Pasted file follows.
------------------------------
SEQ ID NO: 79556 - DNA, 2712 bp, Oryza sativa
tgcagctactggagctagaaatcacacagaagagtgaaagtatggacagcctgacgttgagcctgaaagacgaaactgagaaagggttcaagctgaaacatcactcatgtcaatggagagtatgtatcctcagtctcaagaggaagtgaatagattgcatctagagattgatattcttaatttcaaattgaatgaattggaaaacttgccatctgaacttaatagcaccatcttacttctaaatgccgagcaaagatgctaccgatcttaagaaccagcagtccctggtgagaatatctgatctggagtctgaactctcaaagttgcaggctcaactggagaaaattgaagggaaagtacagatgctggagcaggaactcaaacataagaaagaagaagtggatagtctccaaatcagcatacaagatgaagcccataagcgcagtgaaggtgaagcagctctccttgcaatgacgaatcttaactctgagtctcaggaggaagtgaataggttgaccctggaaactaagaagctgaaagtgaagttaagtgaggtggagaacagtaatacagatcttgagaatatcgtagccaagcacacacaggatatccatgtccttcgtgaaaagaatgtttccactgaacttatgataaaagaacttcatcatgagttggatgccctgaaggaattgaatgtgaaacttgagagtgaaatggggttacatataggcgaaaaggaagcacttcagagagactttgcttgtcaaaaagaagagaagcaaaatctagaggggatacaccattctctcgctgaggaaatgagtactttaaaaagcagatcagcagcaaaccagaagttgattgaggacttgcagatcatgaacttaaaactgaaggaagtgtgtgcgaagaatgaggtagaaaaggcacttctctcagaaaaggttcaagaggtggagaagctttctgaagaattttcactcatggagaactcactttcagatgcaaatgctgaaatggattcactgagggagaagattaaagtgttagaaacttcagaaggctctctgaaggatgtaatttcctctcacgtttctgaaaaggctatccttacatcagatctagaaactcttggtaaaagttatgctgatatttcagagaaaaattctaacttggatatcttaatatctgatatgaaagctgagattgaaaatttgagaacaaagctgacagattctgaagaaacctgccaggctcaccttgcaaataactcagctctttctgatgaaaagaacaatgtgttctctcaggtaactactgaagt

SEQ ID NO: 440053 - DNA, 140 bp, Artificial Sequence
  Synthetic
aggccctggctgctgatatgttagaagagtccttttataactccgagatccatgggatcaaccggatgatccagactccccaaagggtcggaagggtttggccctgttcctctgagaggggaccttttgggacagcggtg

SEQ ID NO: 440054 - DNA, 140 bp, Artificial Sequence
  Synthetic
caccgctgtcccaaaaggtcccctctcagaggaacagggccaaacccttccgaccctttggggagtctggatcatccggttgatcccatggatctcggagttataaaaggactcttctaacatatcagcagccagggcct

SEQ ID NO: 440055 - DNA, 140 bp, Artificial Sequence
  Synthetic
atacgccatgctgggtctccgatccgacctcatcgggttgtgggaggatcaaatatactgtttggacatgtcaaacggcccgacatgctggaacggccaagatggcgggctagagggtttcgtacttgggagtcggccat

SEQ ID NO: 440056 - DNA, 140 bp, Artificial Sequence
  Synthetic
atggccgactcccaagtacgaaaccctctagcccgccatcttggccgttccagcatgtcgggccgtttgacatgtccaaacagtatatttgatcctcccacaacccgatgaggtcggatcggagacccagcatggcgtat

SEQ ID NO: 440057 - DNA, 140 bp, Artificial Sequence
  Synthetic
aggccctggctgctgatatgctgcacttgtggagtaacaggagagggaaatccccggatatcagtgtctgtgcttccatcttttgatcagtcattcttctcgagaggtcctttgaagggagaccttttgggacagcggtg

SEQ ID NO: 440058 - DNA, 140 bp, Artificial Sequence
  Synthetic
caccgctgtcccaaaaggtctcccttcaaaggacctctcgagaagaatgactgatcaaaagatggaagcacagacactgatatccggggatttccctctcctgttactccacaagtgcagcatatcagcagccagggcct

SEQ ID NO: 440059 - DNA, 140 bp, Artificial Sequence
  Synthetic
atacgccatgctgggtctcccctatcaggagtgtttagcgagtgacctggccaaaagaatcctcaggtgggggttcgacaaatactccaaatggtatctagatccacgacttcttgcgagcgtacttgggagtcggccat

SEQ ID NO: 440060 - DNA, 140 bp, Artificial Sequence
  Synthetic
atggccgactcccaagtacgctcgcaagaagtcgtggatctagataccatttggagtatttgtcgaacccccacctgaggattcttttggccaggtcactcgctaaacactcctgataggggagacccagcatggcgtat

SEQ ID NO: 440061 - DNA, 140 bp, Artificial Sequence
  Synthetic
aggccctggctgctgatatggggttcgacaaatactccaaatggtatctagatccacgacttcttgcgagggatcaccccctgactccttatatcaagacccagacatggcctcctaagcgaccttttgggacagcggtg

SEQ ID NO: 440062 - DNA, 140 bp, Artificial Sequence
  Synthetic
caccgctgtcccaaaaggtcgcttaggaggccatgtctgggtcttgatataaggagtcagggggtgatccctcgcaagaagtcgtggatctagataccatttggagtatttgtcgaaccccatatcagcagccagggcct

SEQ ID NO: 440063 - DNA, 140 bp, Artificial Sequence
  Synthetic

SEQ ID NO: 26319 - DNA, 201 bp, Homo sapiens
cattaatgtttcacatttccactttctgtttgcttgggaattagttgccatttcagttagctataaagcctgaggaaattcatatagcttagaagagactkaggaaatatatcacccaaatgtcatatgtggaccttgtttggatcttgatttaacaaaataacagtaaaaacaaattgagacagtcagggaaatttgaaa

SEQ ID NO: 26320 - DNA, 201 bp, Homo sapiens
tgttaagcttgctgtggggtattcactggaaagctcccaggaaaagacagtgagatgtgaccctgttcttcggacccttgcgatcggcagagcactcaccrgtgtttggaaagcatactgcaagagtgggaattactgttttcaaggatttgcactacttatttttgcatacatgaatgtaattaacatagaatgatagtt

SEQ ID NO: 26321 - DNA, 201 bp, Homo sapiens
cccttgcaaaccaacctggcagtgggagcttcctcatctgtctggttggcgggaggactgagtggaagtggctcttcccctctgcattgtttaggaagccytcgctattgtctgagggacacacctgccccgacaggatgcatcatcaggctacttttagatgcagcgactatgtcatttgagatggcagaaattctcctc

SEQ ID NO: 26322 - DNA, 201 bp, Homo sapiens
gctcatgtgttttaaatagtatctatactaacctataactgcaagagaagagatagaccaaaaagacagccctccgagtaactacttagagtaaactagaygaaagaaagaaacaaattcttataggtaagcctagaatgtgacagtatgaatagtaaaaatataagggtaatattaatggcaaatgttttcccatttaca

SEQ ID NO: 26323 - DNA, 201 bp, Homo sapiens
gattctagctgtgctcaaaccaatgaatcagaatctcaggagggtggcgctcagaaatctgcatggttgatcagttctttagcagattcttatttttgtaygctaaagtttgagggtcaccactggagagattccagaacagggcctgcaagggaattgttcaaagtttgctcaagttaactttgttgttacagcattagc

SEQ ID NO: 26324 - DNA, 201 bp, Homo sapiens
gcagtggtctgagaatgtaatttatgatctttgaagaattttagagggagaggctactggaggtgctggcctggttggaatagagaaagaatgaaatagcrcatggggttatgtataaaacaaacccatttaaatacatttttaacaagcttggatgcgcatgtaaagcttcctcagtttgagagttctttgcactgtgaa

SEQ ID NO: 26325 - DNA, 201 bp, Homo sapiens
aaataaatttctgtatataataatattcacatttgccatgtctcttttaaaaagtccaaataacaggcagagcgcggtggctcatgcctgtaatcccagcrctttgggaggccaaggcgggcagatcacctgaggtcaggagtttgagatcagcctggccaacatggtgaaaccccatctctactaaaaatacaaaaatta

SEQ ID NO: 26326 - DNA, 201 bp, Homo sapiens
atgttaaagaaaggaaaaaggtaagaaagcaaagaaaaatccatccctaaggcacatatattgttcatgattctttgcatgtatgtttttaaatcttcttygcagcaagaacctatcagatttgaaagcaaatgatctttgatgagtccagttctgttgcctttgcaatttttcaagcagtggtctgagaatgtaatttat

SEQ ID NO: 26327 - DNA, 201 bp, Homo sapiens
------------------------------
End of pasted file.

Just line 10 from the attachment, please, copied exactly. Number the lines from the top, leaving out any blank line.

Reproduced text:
  Synthetic